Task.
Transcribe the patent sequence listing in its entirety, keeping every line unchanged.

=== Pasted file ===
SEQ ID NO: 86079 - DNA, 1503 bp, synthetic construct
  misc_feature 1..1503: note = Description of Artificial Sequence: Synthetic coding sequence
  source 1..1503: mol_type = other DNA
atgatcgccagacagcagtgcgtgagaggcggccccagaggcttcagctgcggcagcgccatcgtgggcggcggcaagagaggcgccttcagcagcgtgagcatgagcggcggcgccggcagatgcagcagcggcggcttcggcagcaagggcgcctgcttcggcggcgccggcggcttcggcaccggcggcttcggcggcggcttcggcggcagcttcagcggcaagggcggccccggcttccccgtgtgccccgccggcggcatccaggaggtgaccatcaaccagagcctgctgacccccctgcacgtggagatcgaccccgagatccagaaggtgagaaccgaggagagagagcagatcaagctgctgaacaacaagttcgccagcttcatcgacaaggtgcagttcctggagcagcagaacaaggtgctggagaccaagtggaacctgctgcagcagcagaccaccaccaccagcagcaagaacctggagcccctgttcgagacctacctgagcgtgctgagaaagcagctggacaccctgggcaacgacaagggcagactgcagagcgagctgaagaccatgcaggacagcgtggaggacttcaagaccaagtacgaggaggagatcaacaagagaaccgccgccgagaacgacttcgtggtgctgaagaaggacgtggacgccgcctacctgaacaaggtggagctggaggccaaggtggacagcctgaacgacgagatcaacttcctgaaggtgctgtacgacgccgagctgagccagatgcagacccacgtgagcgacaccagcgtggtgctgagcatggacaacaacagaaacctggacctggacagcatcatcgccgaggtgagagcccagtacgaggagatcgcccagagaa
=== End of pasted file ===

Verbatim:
SEQ ID NO: 86079 - DNA, 1503 bp, synthetic construct
  misc_feature 1..1503: note = Description of Artificial Sequence: Synthetic coding sequence
  source 1..1503: mol_type = other DNA
atgatcgccagacagcagtgcgtgagaggcggccccagaggcttcagctgcggcagcgccatcgtgggcggcggcaagagaggcgccttcagcagcgtgagcatgagcggcggcgccggcagatgcagcagcggcggcttcggcagcaagggcgcctgcttcggcggcgccggcggcttcggcaccggcggcttcggcggcggcttcggcggcagcttcagcggcaagggcggccccggcttccccgtgtgccccgccggcggcatccaggaggtgaccatcaaccagagcctgctgacccccctgcacgtggagatcgaccccgagatccagaaggtgagaaccgaggagagagagcagatcaagctgctgaacaacaagttcgccagcttcatcgacaaggtgcagttcctggagcagcagaacaaggtgctggagaccaagtggaacctgctgcagcagcagaccaccaccaccagcagcaagaacctggagcccctgttcgagacctacctgagcgtgctgagaaagcagctggacaccctgggcaacgacaagggcagactgcagagcgagctgaagaccatgcaggacagcgtggaggacttcaagaccaagtacgaggaggagatcaacaagagaaccgccgccgagaacgacttcgtggtgctgaagaaggacgtggacgccgcctacctgaacaaggtggagctggaggccaaggtggacagcctgaacgacgagatcaacttcctgaaggtgctgtacgacgccgagctgagccagatgcagacccacgtgagcgacaccagcgtggtgctgagcatggacaacaacagaaacctggacctggacagcatcatcgccgaggtgagagcccagtacgaggagatcgcccagagaa